Cloud Database Startup ReadySet Raises $29 Million, Prepares to Launch First Product

Harri Weber

Harri is dot.LA's senior finance reporter. She previously worked for Gizmodo, Fast Company, VentureBeat and Flipboard. Find her on Twitter and send tips on L.A. startups and venture capital to harrison@dot.la.

Cloud Database Startup ReadySet Raises $29 Million, Prepares to Launch First Product
Photo by José Ramos on Unsplash

ReadySet, a Beverly Hills-based cloud infrastructure startup that helps software companies scale their databases, has secured $29 million in venture funding to get its first product out of the door.

The capital comes via two funding rounds, the company said Tuesday—a new $24 million Series A led by London’s Index Ventures, and a previously undisclosed $4.9 million seed round led by Silicon Valley’s Amplify Partners (which also invested in the Series A). Several angel investors, including longtime cloud executive and Vimeo board member Adam Gross, also chipped in on the Series A.

While ReadySet remains in a pre-revenue stage, it told TechCrunch, it plans to use the funding to deliver a commercial version of its cloud product. The startup was born out of an open-source project called Noria, which co-founders Alana Marzoev and Jon Gjengset developed while pursuing doctorate degrees at MIT. Though the company describes itself as a “remote-first company with offices in multiple US cities,” Gjengset is based in Los Angeles while Marzoev is in Boston, according to their LinkedIn pages.

ReadySet described its service as a “drop-in solution to the database performance problems that often arise when a company is in a phase of rapid growth, such as when dealing with large datasets, complicated queries, or high request volumes.”

On top of its commercial launch plans, ReadySet said it will use the funds to double the size of its team to 50 people within the year.

Subscribe to our newsletter to catch every headline.

Cadence

Genies Wants To Help Creators Build ‘Avatar Ecosystems’

Christian Hetrick

Christian Hetrick is dot.LA's Entertainment Tech Reporter. He was formerly a business reporter for the Philadelphia Inquirer and reported on New Jersey politics for the Observer and the Press of Atlantic City.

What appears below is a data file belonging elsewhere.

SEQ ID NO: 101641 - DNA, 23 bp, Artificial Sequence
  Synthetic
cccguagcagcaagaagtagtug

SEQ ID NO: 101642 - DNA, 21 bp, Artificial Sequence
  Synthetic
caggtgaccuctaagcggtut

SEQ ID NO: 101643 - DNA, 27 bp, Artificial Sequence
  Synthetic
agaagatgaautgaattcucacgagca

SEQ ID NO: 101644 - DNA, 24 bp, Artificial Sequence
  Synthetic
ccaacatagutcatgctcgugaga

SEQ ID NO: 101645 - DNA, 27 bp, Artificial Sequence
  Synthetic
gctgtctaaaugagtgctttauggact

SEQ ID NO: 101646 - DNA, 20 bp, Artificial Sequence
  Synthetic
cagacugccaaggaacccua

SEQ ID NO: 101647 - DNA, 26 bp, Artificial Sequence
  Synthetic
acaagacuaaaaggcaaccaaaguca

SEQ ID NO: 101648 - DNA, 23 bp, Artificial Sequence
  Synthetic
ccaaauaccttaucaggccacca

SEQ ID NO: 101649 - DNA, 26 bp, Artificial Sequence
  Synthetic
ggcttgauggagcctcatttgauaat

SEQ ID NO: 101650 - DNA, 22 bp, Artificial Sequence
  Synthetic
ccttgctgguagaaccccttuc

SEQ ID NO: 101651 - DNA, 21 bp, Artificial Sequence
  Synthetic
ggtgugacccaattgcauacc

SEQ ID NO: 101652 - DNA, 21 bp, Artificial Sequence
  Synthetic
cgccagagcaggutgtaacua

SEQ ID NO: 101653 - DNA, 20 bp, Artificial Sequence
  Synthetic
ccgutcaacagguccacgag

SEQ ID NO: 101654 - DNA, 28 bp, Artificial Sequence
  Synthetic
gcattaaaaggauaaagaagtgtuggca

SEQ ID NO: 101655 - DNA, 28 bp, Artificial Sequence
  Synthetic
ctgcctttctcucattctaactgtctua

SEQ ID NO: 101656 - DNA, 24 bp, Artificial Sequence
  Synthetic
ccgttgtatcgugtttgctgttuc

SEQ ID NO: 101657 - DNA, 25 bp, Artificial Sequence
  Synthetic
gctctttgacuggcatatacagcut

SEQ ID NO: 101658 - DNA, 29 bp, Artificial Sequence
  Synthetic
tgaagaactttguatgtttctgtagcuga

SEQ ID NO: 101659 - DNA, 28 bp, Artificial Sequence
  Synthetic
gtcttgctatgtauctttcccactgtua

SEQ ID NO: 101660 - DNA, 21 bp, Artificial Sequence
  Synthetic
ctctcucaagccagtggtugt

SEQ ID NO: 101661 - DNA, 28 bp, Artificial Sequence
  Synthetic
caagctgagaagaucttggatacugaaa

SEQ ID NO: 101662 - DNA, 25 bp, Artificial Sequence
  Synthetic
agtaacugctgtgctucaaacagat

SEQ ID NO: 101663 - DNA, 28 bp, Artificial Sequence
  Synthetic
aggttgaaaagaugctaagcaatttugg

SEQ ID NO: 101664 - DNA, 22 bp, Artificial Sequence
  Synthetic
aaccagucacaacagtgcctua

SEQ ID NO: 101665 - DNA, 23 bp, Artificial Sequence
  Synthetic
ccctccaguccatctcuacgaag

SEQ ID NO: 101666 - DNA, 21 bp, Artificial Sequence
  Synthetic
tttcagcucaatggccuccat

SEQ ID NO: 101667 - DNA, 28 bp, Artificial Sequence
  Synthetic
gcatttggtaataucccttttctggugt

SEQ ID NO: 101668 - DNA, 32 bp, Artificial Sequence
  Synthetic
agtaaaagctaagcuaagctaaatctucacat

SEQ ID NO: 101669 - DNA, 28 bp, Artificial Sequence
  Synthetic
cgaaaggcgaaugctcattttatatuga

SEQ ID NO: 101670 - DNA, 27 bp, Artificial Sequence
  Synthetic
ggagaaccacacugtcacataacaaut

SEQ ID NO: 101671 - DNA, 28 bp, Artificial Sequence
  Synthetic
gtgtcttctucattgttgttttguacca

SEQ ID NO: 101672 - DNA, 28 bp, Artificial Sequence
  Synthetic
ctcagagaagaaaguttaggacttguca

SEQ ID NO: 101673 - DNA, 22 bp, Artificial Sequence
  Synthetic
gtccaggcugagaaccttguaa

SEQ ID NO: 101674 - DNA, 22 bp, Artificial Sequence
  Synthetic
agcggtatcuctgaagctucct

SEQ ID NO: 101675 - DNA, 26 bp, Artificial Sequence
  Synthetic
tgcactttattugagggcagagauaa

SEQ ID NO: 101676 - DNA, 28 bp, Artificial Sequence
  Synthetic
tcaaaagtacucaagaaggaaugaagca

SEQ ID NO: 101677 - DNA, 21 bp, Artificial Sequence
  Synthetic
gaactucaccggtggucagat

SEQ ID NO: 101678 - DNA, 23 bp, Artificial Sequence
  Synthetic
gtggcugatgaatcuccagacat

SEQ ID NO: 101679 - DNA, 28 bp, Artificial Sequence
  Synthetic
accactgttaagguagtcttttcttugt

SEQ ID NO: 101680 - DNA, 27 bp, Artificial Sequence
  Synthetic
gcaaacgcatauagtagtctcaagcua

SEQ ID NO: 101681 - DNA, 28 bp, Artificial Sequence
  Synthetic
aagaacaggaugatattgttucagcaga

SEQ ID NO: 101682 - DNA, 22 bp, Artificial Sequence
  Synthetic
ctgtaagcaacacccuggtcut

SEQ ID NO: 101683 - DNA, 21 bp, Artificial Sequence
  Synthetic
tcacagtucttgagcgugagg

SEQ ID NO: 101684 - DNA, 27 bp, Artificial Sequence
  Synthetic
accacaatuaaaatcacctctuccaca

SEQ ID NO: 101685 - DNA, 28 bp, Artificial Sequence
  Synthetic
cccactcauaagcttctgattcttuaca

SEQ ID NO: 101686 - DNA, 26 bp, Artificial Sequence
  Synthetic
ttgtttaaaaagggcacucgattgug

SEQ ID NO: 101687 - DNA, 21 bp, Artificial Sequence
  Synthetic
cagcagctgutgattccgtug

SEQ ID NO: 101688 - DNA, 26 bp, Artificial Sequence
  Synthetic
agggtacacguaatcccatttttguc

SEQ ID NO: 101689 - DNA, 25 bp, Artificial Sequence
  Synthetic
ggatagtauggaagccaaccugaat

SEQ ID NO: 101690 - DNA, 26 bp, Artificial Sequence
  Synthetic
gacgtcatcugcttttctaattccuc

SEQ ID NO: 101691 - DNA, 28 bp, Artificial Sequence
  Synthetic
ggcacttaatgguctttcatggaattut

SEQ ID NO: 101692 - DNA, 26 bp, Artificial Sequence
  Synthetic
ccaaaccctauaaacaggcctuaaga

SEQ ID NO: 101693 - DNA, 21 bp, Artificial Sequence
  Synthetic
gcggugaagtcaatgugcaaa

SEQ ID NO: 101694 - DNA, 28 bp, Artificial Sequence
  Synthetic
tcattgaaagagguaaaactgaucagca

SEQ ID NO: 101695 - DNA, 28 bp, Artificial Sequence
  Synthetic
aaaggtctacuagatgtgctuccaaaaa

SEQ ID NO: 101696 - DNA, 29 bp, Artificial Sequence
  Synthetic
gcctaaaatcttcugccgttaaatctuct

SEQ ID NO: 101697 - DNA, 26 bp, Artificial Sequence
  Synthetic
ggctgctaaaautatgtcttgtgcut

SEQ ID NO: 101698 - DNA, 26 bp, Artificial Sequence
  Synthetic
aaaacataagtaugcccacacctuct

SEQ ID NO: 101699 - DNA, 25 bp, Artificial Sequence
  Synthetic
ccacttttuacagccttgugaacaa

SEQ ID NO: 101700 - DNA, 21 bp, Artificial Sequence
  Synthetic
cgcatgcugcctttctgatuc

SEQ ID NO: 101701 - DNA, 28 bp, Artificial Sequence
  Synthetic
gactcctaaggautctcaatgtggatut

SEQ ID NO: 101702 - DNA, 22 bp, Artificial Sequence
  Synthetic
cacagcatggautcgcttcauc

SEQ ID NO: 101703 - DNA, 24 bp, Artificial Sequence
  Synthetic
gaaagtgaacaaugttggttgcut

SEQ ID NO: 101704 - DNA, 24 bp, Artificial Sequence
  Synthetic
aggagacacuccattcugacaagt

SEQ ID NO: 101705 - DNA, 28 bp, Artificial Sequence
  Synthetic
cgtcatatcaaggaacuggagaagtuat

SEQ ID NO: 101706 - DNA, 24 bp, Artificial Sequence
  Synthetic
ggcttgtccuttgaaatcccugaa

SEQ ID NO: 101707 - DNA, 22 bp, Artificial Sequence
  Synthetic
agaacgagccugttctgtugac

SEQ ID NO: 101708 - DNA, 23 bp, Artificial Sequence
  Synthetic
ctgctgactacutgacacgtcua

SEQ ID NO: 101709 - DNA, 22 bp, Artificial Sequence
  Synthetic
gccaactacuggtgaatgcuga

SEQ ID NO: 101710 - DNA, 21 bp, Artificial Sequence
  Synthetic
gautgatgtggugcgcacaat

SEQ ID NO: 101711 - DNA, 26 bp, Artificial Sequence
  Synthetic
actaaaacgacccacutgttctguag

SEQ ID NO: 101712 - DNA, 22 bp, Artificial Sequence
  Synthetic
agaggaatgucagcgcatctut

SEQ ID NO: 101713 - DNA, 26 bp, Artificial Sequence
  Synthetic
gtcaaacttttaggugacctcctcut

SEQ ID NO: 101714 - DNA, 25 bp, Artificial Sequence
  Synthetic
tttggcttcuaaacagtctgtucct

Genies Wants To Help Creators Build ‘Avatar Ecosystems’

When avatar startup Genies raised $150 million in April, the company released an unusual message to the public: “Farewell.”

The Marina del Rey-based unicorn, which makes cartoon-like avatars for celebrities and aims to “build an avatar for every single person on Earth,” didn’t go under. Rather, Genies announced it would stay quiet for a while to focus on building avatar-creation products.

Genies representatives told dot.LA that the firm is now seeking more creators to try its creation tools for 3D avatars, digital fashion items and virtual experiences. On Thursday, the startup launched a three-week program called DIY Collective, which will mentor and financially support up-and-coming creatives.

Read moreShow less

Here's What To Expect At LA Tech Week

Christian Hetrick

Christian Hetrick is dot.LA's Entertainment Tech Reporter. He was formerly a business reporter for the Philadelphia Inquirer and reported on New Jersey politics for the Observer and the Press of Atlantic City.

Here's What To Expect At LA Tech Week

LA Tech Week—a weeklong showcase of the region’s growing startup ecosystem—is coming this August.

The seven-day series of events, from Aug. 15 through Aug. 21, is a chance for the Los Angeles startup community to network, share insights and pitch themselves to investors. It comes a year after hundreds of people gathered for a similar event that allowed the L.A. tech community—often in the shadow of Silicon Valley—to flex its muscles.

From fireside chats with prominent founders to a panel on aerospace, here are some highlights from the roughly 30 events happening during LA Tech Week, including one hosted by dot.LA.

Read moreShow less

GrayMatter Is Building Industrial Robots To Take Over the Jobs Humans Hate

Samson Amore

Samson Amore is a reporter for dot.LA. He holds a degree in journalism from Emerson College and previously covered technology and entertainment for TheWrap and reported on the SoCal startup scene for the Los Angeles Business Journal. Send tips or pitches to samsonamore@dot.la and find him on Twitter @Samsonamore.

​GrayMatter robotics working
Andria Moore courtesy of GrayMatter

GrayMatter Robotics, a startup based in Gardena (and definitely not a “Breaking Bad” reference, the founders assure us) is looking to disrupt the industrial finishing and sanding industry by programming robotic arms with artificial intelligence software to automate this labor.

Read moreShow less
RELATEDEDITOR'S PICKS
LA TECH JOBS
interchangeLA
Trending